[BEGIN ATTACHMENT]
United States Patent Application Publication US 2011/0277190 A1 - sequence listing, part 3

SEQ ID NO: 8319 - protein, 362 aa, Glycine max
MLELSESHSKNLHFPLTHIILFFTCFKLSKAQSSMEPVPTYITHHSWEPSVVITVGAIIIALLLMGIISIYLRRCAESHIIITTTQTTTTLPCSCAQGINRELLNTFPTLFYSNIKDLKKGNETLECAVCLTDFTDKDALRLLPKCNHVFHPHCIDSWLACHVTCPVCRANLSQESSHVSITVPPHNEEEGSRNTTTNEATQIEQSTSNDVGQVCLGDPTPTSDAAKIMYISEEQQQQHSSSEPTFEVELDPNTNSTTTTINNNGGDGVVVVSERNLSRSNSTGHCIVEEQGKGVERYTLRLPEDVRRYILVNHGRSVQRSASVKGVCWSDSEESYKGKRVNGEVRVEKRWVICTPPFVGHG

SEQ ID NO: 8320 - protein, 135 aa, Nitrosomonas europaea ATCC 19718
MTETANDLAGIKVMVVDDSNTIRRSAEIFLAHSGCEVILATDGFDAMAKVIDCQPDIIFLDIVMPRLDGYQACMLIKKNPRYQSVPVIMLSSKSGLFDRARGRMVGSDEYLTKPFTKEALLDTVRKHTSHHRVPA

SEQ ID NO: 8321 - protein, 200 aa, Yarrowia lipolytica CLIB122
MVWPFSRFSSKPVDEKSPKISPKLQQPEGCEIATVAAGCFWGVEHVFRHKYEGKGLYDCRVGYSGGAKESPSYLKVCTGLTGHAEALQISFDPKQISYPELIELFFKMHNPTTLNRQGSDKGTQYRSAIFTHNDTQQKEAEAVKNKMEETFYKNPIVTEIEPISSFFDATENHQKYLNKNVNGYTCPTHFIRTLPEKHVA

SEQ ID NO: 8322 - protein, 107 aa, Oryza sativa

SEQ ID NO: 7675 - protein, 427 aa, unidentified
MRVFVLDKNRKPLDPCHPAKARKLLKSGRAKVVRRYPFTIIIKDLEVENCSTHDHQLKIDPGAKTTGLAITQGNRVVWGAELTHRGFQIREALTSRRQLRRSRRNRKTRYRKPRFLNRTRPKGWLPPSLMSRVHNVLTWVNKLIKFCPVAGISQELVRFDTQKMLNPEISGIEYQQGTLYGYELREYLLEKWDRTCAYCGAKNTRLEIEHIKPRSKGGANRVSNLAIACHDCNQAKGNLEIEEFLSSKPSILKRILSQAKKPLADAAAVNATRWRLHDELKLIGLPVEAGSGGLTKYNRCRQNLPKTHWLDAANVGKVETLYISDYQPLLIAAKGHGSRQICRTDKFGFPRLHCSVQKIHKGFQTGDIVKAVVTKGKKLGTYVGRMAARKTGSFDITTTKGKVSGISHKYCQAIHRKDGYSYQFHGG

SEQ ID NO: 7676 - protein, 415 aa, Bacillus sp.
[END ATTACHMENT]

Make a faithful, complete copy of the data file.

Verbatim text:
United States Patent Application Publication US 2011/0277190 A1 - sequence listing, part 3

SEQ ID NO: 8319 - protein, 362 aa, Glycine max
MLELSESHSKNLHFPLTHIILFFTCFKLSKAQSSMEPVPTYITHHSWEPSVVITVGAIIIALLLMGIISIYLRRCAESHIIITTTQTTTTLPCSCAQGINRELLNTFPTLFYSNIKDLKKGNETLECAVCLTDFTDKDALRLLPKCNHVFHPHCIDSWLACHVTCPVCRANLSQESSHVSITVPPHNEEEGSRNTTTNEATQIEQSTSNDVGQVCLGDPTPTSDAAKIMYISEEQQQQHSSSEPTFEVELDPNTNSTTTTINNNGGDGVVVVSERNLSRSNSTGHCIVEEQGKGVERYTLRLPEDVRRYILVNHGRSVQRSASVKGVCWSDSEESYKGKRVNGEVRVEKRWVICTPPFVGHG

SEQ ID NO: 8320 - protein, 135 aa, Nitrosomonas europaea ATCC 19718
MTETANDLAGIKVMVVDDSNTIRRSAEIFLAHSGCEVILATDGFDAMAKVIDCQPDIIFLDIVMPRLDGYQACMLIKKNPRYQSVPVIMLSSKSGLFDRARGRMVGSDEYLTKPFTKEALLDTVRKHTSHHRVPA

SEQ ID NO: 8321 - protein, 200 aa, Yarrowia lipolytica CLIB122
MVWPFSRFSSKPVDEKSPKISPKLQQPEGCEIATVAAGCFWGVEHVFRHKYEGKGLYDCRVGYSGGAKESPSYLKVCTGLTGHAEALQISFDPKQISYPELIELFFKMHNPTTLNRQGSDKGTQYRSAIFTHNDTQQKEAEAVKNKMEETFYKNPIVTEIEPISSFFDATENHQKYLNKNVNGYTCPTHFIRTLPEKHVA

SEQ ID NO: 8322 - protein, 107 aa, Oryza sativa

SEQ ID NO: 7675 - protein, 427 aa, unidentified
MRVFVLDKNRKPLDPCHPAKARKLLKSGRAKVVRRYPFTIIIKDLEVENCSTHDHQLKIDPGAKTTGLAITQGNRVVWGAELTHRGFQIREALTSRRQLRRSRRNRKTRYRKPRFLNRTRPKGWLPPSLMSRVHNVLTWVNKLIKFCPVAGISQELVRFDTQKMLNPEISGIEYQQGTLYGYELREYLLEKWDRTCAYCGAKNTRLEIEHIKPRSKGGANRVSNLAIACHDCNQAKGNLEIEEFLSSKPSILKRILSQAKKPLADAAAVNATRWRLHDELKLIGLPVEAGSGGLTKYNRCRQNLPKTHWLDAANVGKVETLYISDYQPLLIAAKGHGSRQICRTDKFGFPRLHCSVQKIHKGFQTGDIVKAVVTKGKKLGTYVGRMAARKTGSFDITTTKGKVSGISHKYCQAIHRKDGYSYQFHGG

SEQ ID NO: 7676 - protein, 415 aa, Bacillus sp.